4. I have never been in a long distance relationship but I know many people who have done that or are doing so now. Most are successful that I have observed. I think long distance relationships fail because of the people involved. At the same time, I think distance could definitely be a factor if there is not a good foundation built before being apart. Maybe not though! Distance affects my platonic and familial relationships positively – I value time spent with these people much more since we are far away from each other most of the time. 🙂

    1. For me, the foundation was everything. Without that, the distance wouldn’t have worked.

      I think distance is a good indicator of commitment as well. My boyfriend is not the type of person to travel of his own accord. Even for good friends and close family, he almost never offers to travel long distances for them. But he did for me – every other month – for years. That’s something that really stuck with us. We’ve been able to communicate out commitment across distances.

  5. I’m in a long distance relationship now. Ok, so he is an hour away, but he was 6 hours away for a few months. It works well for us. We are both independent people, and we would smother each other if we saw each other every day. We might go a few weeks without seeing each other. Honestly, it is all that much sweeter when I DO see him.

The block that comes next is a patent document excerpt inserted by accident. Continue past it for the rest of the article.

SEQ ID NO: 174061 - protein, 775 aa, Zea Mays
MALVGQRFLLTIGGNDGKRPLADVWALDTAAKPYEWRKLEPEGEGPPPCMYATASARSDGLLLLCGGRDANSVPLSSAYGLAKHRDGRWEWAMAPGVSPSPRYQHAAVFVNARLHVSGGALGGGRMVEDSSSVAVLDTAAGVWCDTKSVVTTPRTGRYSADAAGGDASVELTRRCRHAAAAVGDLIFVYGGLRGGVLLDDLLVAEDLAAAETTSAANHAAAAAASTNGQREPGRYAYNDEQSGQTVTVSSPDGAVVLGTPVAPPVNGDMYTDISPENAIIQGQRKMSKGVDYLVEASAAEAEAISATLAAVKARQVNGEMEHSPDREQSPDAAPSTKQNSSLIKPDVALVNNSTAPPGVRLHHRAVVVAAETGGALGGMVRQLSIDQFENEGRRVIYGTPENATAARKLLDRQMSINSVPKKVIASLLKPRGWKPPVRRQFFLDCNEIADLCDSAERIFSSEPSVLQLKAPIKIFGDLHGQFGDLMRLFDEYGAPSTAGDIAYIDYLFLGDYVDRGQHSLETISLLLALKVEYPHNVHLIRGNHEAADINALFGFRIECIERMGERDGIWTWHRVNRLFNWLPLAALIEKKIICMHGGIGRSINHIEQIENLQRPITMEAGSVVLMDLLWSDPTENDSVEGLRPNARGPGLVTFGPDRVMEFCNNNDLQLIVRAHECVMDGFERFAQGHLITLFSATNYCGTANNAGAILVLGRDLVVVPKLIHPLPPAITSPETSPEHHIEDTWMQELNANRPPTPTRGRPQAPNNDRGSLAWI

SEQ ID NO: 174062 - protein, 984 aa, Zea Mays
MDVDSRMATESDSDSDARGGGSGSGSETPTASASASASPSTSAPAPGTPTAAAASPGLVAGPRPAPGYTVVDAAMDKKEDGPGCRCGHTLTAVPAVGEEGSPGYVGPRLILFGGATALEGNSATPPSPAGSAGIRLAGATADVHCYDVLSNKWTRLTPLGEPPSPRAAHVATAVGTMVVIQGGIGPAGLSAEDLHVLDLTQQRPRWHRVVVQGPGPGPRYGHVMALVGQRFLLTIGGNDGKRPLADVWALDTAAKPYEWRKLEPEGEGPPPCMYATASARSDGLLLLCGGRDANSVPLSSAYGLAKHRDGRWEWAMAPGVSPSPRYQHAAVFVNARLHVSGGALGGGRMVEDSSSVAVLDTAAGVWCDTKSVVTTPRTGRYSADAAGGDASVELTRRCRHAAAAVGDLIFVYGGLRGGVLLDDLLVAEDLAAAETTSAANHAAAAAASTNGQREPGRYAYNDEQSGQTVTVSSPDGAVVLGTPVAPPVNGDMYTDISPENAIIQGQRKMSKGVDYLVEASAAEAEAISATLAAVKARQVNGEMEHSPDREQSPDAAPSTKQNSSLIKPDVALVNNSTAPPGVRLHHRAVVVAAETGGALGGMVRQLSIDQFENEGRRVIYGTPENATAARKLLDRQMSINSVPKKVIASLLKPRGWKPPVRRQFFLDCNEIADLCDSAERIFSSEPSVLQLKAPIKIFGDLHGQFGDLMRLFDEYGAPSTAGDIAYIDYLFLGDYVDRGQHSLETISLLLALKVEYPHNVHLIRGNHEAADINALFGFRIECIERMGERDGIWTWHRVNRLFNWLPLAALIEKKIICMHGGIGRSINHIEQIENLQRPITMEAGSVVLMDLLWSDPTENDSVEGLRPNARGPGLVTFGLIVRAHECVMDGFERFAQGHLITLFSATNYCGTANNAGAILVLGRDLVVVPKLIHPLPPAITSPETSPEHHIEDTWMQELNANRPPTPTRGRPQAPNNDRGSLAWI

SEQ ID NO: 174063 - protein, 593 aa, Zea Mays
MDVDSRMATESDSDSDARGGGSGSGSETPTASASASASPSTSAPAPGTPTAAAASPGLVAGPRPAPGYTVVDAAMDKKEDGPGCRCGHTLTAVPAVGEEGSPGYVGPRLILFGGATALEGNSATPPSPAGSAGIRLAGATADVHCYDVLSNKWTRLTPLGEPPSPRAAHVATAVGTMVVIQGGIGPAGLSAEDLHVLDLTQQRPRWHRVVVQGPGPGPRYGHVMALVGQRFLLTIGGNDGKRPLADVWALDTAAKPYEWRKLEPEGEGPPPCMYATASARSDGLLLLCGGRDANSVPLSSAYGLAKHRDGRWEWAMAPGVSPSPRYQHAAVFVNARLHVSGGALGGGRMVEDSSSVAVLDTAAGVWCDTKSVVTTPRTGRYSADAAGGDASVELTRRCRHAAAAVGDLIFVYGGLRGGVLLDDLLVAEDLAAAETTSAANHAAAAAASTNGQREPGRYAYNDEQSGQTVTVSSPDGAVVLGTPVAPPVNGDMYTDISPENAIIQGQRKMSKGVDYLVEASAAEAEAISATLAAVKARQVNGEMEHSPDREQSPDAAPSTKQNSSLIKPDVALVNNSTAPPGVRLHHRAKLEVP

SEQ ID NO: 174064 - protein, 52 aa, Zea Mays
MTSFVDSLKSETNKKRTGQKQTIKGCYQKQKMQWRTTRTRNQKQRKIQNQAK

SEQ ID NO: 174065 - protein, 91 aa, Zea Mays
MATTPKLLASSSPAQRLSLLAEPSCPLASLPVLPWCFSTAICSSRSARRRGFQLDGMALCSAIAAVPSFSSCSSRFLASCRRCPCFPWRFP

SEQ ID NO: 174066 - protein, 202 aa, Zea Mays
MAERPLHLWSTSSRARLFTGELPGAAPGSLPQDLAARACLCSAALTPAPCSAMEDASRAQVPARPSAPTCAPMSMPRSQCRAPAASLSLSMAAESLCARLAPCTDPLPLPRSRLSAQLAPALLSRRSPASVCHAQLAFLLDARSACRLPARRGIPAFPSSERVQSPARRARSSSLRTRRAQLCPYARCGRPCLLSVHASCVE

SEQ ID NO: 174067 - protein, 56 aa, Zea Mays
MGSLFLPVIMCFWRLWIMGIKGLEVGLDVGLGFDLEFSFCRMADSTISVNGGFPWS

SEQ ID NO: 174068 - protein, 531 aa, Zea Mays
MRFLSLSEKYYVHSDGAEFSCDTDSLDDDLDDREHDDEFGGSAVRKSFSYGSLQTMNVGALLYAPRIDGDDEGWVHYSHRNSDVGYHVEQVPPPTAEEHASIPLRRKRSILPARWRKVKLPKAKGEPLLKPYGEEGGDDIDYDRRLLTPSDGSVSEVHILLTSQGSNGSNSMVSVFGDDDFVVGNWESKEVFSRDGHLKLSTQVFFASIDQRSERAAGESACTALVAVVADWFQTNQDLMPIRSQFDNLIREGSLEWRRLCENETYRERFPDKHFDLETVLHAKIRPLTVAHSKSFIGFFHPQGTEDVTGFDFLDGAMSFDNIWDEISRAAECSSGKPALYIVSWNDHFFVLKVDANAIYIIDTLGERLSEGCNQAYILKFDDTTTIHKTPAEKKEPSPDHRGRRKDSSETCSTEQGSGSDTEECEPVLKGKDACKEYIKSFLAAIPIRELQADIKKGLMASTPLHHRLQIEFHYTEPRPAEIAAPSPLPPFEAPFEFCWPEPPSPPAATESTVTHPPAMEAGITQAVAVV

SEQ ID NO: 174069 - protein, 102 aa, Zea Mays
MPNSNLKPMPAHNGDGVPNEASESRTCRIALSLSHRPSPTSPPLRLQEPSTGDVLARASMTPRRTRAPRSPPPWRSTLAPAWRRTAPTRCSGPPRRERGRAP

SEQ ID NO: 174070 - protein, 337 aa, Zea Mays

We talk every day. Often more than once a day. I don’t know if it makes a difference that we are both older, both divorced. Maybe, maybe not. I DO know that I’m very comfortable on my own, and that makes a big difference in how I handle the distance.
    Paying attention and being interested in each others daily life is important. There is always a danger that you will take your partner for granted when you are together all of the time. That’s what I found during my marriage. I’m sure it’s not the case for many people.
    Long distance certainly isn’t for everyone. I realise that. It really does depend on the people – like ANY relationship. 🙂

    1. My boyfriend and I are similar to what you describe, but I don’t think the smothering thing will happen. We’re currently looking at moving in with each other (after 5.5 years of dating) and I still think we’ll be independent people. We’ll both want to play our individual video games or read books. Not that we won’t also hang out together. We’ve just done really well, having lived close to each other the past year or so, at striking a balance. I really think distance helped us though. We were both so young when we met, that it really helped us come into our own without losing ourselves in each other too much.

  6. I have been long distance relationship with my ex and our relationship not going so well. The distance between us make we always worry about small thing that should be not. We also fight each other because one of us not calling/texting every day and many more. I think distance is not the only reason for how long the relationship will be last but we should ask ourselves how much we love our lover